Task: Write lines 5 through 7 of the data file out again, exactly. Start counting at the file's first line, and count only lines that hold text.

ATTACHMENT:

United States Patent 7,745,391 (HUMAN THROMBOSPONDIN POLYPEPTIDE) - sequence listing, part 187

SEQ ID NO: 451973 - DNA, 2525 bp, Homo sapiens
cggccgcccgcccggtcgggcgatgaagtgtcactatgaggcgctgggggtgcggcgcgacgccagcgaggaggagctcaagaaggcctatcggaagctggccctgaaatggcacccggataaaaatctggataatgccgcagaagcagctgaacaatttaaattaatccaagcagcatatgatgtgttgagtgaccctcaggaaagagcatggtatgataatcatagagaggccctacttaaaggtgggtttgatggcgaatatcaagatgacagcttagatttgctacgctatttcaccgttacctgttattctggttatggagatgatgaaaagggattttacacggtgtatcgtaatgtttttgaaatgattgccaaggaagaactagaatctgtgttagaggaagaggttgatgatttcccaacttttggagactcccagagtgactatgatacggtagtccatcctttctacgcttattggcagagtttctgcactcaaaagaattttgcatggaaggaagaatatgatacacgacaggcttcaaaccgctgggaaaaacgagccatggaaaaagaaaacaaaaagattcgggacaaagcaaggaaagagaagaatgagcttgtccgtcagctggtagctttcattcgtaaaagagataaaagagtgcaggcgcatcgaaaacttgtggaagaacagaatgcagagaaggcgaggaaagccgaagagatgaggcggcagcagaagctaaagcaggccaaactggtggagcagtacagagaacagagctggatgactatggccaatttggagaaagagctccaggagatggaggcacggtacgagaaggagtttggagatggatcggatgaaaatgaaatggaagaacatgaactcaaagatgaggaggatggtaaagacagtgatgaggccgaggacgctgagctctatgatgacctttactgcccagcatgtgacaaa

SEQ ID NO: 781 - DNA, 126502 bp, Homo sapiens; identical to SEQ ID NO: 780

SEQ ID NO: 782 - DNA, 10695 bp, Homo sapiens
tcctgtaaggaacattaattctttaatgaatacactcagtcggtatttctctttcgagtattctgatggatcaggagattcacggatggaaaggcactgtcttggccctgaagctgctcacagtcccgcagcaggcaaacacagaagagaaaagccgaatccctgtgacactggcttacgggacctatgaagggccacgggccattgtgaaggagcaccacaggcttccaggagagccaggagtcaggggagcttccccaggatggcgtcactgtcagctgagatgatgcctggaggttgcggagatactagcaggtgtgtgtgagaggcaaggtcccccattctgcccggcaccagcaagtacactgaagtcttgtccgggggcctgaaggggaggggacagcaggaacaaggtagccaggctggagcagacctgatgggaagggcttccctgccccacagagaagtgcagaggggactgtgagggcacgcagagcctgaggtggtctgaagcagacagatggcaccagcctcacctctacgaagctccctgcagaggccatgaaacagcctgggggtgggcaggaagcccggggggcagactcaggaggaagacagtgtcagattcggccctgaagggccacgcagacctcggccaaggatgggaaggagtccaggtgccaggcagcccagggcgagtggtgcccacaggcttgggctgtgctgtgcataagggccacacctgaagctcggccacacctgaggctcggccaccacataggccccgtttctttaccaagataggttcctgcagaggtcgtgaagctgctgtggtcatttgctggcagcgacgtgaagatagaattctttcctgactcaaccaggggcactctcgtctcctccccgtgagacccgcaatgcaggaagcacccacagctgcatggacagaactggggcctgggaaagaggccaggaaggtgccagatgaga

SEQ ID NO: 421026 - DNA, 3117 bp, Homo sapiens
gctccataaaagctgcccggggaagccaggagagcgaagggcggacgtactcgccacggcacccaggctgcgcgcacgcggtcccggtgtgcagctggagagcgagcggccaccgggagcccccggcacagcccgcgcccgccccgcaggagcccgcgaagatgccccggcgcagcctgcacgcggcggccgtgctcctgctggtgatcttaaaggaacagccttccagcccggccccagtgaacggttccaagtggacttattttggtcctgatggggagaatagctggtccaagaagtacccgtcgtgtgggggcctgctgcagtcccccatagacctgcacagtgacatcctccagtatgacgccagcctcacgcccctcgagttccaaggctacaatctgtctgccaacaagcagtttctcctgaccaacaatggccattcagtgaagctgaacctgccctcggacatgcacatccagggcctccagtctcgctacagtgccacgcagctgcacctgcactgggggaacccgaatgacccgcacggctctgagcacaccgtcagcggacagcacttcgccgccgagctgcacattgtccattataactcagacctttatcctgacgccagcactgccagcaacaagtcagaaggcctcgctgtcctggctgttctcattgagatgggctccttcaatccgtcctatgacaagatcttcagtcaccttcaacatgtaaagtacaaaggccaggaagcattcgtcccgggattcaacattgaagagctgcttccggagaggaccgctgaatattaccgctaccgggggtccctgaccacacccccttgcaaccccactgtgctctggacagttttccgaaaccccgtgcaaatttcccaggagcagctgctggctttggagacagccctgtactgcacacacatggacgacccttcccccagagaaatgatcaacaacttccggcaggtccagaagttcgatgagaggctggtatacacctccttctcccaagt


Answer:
SEQ ID NO: 782 - DNA, 10695 bp, Homo sapiens
tcctgtaaggaacattaattctttaatgaatacactcagtcggtatttctctttcgagtattctgatggatcaggagattcacggatggaaaggcactgtcttggccctgaagctgctcacagtcccgcagcaggcaaacacagaagagaaaagccgaatccctgtgacactggcttacgggacctatgaagggccacgggccattgtgaaggagcaccacaggcttccaggagagccaggagtcaggggagcttccccaggatggcgtcactgtcagctgagatgatgcctggaggttgcggagatactagcaggtgtgtgtgagaggcaaggtcccccattctgcccggcaccagcaagtacactgaagtcttgtccgggggcctgaaggggaggggacagcaggaacaaggtagccaggctggagcagacctgatgggaagggcttccctgccccacagagaagtgcagaggggactgtgagggcacgcagagcctgaggtggtctgaagcagacagatggcaccagcctcacctctacgaagctccctgcagaggccatgaaacagcctgggggtgggcaggaagcccggggggcagactcaggaggaagacagtgtcagattcggccctgaagggccacgcagacctcggccaaggatgggaaggagtccaggtgccaggcagcccagggcgagtggtgcccacaggcttgggctgtgctgtgcataagggccacacctgaagctcggccacacctgaggctcggccaccacataggccccgtttctttaccaagataggttcctgcagaggtcgtgaagctgctgtggtcatttgctggcagcgacgtgaagatagaattctttcctgactcaaccaggggcactctcgtctcctccccgtgagacccgcaatgcaggaagcacccacagctgcatggacagaactggggcctgggaaagaggccaggaaggtgccagatgaga

SEQ ID NO: 421026 - DNA, 3117 bp, Homo sapiens